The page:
Filmmaker Ian Mantgani traveled from London to Cleveland in July to join Belt for the Republican National Convention. Here, just in time for Thanksgiving weekend, is the stunning result. Trump, Tamir, hope, despair, casual racism and potent rage: it's all here. Enjoy.
I’m eating an Isaly’s chipped chopped ham sandwich on a bench outside a convenience store in Pittsburgh. A racist sits across from me. We are both from the Midwest, yet thousands of miles distant in terms of worldview.
Meeting up with a couple non-media, non-RNC-affiliated locals for a pre-dinner drink, I asked for their first impressions on the circus. As a steady parade of politically costumed outsiders streamed
When big events come to town, a city needs to clean house, make everything shine. Think Bejing in 2008, as it prepared to host the Olympics. Think Rio De Janiero right now.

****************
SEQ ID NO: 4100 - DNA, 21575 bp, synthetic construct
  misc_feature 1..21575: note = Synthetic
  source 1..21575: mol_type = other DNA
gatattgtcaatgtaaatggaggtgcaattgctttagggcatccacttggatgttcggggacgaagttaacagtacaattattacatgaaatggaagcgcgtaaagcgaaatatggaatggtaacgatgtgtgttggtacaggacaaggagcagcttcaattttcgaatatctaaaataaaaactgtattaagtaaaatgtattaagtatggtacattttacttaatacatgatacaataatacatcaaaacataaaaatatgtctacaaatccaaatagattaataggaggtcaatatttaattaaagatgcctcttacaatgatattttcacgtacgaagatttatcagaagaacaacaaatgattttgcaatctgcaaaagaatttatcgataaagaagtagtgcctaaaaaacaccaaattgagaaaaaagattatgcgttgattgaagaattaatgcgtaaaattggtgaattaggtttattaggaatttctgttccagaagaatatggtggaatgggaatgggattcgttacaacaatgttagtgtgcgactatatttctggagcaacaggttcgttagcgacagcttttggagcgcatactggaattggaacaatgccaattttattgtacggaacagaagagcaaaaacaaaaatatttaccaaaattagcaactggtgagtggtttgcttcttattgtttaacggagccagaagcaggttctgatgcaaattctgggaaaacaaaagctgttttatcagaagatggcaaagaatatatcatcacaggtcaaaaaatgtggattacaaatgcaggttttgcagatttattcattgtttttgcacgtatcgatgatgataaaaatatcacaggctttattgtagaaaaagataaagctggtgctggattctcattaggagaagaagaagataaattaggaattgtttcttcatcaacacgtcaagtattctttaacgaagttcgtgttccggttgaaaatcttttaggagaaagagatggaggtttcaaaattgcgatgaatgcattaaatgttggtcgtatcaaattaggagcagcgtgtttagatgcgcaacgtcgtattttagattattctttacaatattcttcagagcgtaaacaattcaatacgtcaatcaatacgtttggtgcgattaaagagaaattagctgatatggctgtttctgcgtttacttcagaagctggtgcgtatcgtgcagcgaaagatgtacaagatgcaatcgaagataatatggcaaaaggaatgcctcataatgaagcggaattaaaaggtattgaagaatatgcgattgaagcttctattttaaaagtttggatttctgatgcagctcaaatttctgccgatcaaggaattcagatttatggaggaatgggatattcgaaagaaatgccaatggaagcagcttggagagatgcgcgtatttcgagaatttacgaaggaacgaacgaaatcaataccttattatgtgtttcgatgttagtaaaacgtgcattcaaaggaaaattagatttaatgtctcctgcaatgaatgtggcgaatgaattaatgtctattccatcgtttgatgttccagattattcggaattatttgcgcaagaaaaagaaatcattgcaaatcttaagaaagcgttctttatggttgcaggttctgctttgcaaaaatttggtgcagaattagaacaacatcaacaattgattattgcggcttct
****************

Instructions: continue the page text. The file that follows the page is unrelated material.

Old Stone Church, 10:15 a.m. Thursday. A banner on the front door reads, “Exhale Love!” Exhale. But not yet. Old Stone Church, 10:15 a.m. Thursday. It feels as though the entire city is waiting, holding its breath.
I arrived in Cleveland convinced the RNC would be the death of me. There is not a drop of hyperbole in this statement. And it’s true what they say: when people think they’re close to death, they do crazy things.
“There’s a saying in America,” says Ian Vargas. “It’s be careful of what you wish for, you just might get it.” Ian Vargas and Gina Perez are giving Trump what he wants. A wall.